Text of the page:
As a college student, I am comfortable talking about something so basic and common as a period. But back in middle school during swim class, it took me a while to get used to talking about menstruation with people, specifically when I was menstruating. Especially during swim class.
“I’m sick today, and my mother thinks I shouldn’t swim in case I get worse,” I lied to my classmates–girls and boys alike–as I handed my P.E. coach the dreaded envelope with a note excusing me from swimming for the next few days. The real reason was that I was on my period.
I bring this up because that awkward middle school memory was the first thing I was reminded of this summer as I sat in a room in New York State’s capitol lobbying for senators to pass the Comprehensive Contraceptive Coverage Act (CCCA) and the Reproductive Health Act (RHA) before the 2017 session came to a close.
In the meeting, one senator’s aide verbally struggled to utter the word “menstruation.” Once he did, he gleefully added: “there I said it.” The aide wasn’t a middle schooler – he looked to be a middle-aged man, and he later mentioned that he was a father to two sons.
While everyone is celebrating the failure of Congress’s attempt to repeal the Affordable Care Act (ACA), it’s important that we not forget that state decisions matter. This session, neither the CCCA or RHA passed. After that meeting with the senator and his aide, this did not surprise me greatly.
However, I am still struggling to put into words how painful it was to personally witness the discomfort of this aide, who was not particularly far to the right, and know that the people determining our health care rights are those who struggle to say “menstruation” and those in like and worse company.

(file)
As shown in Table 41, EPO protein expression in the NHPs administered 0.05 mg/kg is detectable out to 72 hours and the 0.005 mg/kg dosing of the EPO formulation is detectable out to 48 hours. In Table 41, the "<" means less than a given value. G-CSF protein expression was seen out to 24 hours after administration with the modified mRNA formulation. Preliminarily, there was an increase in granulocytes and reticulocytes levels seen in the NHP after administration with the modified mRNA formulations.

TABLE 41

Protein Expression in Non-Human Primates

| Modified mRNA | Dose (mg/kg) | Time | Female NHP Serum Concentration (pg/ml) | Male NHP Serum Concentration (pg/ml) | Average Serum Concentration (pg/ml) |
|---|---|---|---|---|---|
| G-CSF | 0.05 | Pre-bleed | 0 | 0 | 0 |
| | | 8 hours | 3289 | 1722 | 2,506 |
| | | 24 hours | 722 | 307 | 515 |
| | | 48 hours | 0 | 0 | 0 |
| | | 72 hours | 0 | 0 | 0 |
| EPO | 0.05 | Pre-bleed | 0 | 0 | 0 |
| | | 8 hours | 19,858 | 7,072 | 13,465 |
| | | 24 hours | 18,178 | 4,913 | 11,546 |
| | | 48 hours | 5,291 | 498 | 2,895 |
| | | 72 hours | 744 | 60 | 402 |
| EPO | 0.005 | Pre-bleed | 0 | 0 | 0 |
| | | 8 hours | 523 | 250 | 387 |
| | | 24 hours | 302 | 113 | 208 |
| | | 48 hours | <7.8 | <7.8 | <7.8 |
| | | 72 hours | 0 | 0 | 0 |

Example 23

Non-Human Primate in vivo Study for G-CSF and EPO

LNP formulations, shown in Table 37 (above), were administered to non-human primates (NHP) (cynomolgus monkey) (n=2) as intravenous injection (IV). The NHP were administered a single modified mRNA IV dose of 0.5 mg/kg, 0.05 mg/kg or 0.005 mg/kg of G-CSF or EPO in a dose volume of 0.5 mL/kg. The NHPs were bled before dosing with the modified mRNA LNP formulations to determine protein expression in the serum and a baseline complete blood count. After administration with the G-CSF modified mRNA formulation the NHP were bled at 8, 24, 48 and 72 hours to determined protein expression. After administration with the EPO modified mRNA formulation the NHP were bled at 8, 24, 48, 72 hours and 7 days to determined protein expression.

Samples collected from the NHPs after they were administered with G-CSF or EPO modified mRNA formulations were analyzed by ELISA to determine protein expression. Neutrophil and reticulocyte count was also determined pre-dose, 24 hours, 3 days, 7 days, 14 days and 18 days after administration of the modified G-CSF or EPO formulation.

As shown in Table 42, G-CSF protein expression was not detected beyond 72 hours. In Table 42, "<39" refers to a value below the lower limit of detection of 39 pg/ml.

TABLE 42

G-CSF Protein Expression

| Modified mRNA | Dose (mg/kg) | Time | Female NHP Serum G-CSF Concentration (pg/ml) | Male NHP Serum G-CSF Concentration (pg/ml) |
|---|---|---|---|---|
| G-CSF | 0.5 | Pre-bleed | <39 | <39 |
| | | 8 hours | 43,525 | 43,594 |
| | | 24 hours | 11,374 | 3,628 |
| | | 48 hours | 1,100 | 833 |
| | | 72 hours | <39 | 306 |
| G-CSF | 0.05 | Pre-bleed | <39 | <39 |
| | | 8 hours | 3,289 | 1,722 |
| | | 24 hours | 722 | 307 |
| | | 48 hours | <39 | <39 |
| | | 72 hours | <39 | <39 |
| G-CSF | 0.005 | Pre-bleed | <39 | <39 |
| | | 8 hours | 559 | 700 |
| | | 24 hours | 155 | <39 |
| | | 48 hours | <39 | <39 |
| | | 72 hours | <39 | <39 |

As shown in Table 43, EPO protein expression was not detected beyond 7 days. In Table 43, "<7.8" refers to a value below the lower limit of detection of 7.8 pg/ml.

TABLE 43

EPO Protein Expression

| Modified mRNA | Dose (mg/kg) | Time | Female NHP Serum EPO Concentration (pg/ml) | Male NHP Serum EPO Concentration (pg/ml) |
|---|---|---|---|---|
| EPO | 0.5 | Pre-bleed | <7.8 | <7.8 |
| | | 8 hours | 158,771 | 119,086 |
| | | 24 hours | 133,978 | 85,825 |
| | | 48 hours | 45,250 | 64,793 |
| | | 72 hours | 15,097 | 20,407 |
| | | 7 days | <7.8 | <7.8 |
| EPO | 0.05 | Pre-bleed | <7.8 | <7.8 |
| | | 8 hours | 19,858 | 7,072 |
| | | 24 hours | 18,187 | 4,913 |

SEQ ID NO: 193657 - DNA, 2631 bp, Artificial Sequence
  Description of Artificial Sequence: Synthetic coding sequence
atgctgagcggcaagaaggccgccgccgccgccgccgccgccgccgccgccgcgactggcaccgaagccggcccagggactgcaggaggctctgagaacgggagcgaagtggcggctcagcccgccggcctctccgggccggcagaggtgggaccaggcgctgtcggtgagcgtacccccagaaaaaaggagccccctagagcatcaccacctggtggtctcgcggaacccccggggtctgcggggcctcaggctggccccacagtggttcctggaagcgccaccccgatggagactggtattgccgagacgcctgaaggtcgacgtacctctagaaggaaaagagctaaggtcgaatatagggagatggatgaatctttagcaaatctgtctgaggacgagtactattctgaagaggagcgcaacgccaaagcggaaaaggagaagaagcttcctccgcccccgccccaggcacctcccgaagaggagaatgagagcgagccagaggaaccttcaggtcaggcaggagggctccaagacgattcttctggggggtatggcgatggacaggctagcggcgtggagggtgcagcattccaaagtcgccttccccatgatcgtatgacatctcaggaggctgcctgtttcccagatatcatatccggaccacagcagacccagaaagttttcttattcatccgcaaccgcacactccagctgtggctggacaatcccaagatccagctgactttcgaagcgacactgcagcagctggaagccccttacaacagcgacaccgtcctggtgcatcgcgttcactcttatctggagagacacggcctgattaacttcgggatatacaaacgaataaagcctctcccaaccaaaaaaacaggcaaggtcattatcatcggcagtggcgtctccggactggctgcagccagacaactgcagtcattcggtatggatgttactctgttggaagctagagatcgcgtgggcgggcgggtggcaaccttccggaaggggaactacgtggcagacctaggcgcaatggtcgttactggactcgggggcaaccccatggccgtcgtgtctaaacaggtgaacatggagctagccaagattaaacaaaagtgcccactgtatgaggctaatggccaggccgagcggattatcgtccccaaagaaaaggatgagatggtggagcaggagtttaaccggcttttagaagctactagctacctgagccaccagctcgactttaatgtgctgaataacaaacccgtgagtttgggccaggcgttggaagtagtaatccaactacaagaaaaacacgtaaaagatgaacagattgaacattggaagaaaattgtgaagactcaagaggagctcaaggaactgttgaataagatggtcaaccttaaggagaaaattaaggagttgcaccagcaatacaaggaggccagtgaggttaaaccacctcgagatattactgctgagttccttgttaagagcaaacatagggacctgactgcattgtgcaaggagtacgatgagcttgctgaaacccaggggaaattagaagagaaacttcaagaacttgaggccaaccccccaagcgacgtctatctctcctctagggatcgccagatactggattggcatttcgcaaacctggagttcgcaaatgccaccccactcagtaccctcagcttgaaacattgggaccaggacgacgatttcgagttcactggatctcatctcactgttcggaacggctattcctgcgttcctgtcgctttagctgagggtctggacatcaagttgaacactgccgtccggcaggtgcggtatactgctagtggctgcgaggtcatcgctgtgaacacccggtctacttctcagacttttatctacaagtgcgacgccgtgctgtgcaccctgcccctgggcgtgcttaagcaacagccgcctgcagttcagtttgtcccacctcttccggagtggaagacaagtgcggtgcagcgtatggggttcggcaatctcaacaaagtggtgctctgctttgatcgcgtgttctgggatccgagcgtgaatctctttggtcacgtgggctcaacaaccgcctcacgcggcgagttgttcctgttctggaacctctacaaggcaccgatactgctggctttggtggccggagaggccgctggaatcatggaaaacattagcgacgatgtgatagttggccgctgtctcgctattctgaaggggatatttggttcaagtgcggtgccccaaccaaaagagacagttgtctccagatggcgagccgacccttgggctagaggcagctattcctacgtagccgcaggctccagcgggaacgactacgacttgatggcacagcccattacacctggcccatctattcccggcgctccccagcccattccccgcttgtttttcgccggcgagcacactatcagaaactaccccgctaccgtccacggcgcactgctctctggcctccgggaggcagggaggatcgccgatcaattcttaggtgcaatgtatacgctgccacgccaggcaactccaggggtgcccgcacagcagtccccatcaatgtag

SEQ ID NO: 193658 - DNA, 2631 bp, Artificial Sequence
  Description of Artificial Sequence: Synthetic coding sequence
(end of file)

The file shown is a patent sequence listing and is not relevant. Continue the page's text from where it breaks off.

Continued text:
The fact that the Senate prevented both of these bills from even getting a vote is a travesty. The CCCA would have ensured that New Yorkers had access to affordable contraception regardless of what Congress does to the ACA. Insurers would have had to provide coverage for multiple contraceptive methods, access to 12 months of contraception at a time, and coverage for over the counter emergency contraception, among other things.
The RHA would have brought New York’s outdated state law up to the standards set by Roe v. Wade, essentially decriminalizing abortion. It would have explicitly allowed for constitutionally-protected care late in the pregnancy when a woman’s health is at risk or the fetus in not viable and ensured that qualified health care providers other than doctors could provide abortion services that they had been trained to do.
A few months ago, I became a government relations intern at Planned Parenthood of NYC. I know that lobbying is tricky, and often the bills we lobby for do not get passed. This is not to say that it does not make a difference. If there is anything I have learned in the past few weeks, it is that it all makes a difference–the lobbying, the 50,000 petition signatures, the phone banks and calls to your legislators, and the rallies.
We still saw increased legislative support of the CCCA and the RHA in the Senate and among constituents. Though the current leaders of the Senate have shown us that our health care and access to contraception and abortion are not their priorities, the fight is not over.
There are a lot of horrors that a young woman who is “not a girl, not yet a woman” encounters in a middle school pool and locker room—but those scenarios shouldn’t be replayed in a State legislature. Men who are at the same level of comfort with the functions of women’s bodies as middle schoolers should not be creating laws that restrict our bodies and ability to lead healthy lives. The New York State legislative session ended, but the fight for health care has certainly not.
Camille De Beus is a government relations intern at Planned Parenthood of NYC, Inc..